The Trump campaign appears warm to the idea, as in addition to the president’s rally, Trump’s campaign manager Brad Parscale and his son, Donald Trump Jr., will also hold events in the Albuquerque area this week.
Part of Trump’s challenge in New Mexico will be making inroads with Hispanics, who made up 49% of the state’s population as of July 2018, according to U.S. Census Bureau estimates.
State Sen. Linda Lopez, D-Albuquerque, pointed out Trump’s visit will take place on Mexican Independence Day and said New Mexicans are proud of the state’s multicultural heritage.
“I take it as a personal affront that you have chosen this day to bring your brand of bigoted, racist hatred to our state,” Lopez said in a statement.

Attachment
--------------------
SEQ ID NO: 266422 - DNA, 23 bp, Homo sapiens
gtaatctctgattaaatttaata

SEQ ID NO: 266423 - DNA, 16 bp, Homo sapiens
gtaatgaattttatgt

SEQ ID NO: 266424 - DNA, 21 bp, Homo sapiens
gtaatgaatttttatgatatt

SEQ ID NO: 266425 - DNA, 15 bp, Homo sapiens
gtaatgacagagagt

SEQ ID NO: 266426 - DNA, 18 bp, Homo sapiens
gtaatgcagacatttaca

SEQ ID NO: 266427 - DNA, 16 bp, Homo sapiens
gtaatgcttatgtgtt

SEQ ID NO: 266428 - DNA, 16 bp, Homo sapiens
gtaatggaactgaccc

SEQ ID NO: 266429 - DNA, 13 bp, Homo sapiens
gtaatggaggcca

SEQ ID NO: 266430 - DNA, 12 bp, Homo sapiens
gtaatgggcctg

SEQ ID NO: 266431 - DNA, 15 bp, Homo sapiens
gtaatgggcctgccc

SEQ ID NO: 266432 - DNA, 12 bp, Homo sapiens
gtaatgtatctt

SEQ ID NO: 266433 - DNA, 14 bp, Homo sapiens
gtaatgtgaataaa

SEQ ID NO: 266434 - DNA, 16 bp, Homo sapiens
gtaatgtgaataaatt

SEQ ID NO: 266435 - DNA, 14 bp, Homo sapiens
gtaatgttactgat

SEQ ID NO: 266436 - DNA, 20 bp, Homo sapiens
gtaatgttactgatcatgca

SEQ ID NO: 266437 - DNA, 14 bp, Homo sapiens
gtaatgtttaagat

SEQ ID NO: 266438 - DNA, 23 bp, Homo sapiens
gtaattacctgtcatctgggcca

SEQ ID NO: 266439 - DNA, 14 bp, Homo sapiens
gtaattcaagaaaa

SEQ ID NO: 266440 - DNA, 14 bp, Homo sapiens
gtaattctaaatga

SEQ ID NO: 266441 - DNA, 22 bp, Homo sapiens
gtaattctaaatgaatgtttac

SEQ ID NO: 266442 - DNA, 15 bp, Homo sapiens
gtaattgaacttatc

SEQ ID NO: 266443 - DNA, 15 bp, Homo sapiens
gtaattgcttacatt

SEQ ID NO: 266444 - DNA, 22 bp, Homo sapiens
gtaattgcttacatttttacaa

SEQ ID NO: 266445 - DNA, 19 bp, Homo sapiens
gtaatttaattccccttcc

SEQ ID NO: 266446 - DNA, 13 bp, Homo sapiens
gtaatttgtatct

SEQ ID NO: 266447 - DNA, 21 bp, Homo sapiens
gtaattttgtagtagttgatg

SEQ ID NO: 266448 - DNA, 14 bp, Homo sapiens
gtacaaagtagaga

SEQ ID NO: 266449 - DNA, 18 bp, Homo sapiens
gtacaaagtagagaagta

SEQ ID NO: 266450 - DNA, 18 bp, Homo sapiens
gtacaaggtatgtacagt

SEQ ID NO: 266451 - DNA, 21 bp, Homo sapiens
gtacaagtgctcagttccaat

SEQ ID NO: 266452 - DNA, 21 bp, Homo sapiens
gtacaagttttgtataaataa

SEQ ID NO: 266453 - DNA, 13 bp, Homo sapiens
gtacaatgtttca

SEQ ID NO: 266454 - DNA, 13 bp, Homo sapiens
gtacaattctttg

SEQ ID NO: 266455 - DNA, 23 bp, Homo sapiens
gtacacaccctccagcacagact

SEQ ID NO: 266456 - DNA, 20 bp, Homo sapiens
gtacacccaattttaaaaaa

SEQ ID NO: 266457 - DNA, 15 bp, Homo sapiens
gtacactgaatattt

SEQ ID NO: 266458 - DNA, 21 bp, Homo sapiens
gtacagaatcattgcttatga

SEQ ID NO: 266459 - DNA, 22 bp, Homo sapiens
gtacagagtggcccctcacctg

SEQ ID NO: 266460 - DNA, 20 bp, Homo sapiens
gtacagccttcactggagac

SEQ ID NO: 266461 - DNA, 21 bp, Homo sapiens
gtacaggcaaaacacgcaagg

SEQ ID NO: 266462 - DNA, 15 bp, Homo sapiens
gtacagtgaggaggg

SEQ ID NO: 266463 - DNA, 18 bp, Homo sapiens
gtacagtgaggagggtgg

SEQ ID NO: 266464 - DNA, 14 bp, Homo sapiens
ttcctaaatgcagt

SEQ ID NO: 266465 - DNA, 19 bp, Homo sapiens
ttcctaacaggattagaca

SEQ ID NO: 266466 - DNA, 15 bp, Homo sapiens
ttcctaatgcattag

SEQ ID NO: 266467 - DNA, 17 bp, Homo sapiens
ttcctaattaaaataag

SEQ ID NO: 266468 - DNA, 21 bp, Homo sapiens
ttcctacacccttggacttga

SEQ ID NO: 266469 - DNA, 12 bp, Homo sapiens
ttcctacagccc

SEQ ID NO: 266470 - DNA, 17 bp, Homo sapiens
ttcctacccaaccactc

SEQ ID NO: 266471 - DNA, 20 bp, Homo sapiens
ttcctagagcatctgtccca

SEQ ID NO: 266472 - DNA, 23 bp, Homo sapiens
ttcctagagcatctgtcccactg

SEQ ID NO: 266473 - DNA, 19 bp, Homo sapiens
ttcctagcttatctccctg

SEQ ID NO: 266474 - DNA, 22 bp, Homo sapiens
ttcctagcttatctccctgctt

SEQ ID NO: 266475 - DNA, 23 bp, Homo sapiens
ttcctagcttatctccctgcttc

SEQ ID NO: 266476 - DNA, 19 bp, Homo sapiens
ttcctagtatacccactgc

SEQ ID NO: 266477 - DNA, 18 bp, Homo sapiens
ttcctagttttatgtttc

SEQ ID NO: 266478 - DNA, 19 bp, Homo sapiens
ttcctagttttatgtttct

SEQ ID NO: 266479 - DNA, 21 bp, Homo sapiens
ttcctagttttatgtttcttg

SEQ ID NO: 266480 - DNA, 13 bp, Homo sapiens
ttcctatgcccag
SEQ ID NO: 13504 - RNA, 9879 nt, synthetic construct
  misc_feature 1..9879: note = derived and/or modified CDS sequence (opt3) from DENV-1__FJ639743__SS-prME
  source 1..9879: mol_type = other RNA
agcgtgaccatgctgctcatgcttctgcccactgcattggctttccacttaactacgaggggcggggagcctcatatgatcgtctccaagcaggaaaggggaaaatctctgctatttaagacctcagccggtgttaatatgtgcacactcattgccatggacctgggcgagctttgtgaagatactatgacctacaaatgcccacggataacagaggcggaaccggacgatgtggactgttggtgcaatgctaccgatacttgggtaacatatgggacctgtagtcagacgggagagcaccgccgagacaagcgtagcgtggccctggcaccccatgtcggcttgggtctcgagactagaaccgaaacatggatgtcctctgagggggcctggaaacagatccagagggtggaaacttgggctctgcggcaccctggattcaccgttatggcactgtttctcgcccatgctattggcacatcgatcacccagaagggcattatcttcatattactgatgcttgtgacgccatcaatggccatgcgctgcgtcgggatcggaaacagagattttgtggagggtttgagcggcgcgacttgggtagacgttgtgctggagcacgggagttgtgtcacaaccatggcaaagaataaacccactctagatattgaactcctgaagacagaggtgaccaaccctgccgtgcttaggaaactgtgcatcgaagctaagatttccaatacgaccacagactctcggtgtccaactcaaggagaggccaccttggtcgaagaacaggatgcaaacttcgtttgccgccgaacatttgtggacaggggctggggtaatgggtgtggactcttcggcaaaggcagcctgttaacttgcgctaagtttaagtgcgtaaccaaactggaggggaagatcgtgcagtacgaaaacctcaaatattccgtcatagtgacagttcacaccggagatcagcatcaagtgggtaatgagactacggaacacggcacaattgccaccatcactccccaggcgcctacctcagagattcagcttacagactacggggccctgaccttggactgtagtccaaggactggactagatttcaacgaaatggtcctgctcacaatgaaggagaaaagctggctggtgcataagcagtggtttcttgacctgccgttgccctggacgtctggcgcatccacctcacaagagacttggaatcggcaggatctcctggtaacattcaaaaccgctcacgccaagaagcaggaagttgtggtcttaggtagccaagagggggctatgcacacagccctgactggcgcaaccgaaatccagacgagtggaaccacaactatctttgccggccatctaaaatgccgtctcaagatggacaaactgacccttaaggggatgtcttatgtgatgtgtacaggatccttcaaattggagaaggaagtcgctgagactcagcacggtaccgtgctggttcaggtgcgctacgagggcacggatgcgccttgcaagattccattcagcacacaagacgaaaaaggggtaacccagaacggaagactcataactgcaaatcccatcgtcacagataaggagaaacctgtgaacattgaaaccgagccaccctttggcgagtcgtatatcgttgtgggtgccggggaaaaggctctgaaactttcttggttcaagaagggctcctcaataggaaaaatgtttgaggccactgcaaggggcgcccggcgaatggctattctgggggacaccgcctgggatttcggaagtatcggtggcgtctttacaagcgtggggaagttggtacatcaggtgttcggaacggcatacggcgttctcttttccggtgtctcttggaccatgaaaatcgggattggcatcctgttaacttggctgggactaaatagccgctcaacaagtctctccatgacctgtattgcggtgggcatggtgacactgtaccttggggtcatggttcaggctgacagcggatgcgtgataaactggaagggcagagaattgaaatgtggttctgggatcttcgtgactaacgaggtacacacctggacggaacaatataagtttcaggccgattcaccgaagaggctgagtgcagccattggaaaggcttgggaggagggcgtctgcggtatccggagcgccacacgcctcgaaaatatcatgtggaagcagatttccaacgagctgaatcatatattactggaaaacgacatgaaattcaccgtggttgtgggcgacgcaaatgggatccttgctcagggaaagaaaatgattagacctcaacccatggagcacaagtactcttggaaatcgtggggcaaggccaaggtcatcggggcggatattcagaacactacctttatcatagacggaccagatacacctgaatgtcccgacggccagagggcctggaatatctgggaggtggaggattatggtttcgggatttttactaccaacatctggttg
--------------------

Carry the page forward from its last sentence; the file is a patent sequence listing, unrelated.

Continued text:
Although New Mexico has voted for Republicans in the past, the state has voted for Democratic presidential candidates in each of the past three presidential election years – 2008, 2012 and 2016.
Democratic presidential nominee Hillary Clinton won New Mexico in 2016, defeating Trump by 8 percentage points despite not holding any public campaign events in the state. Former state Gov. Gary Johnson, the Libertarian Party nominee, got about 9% of the statewide vote in that year’s race.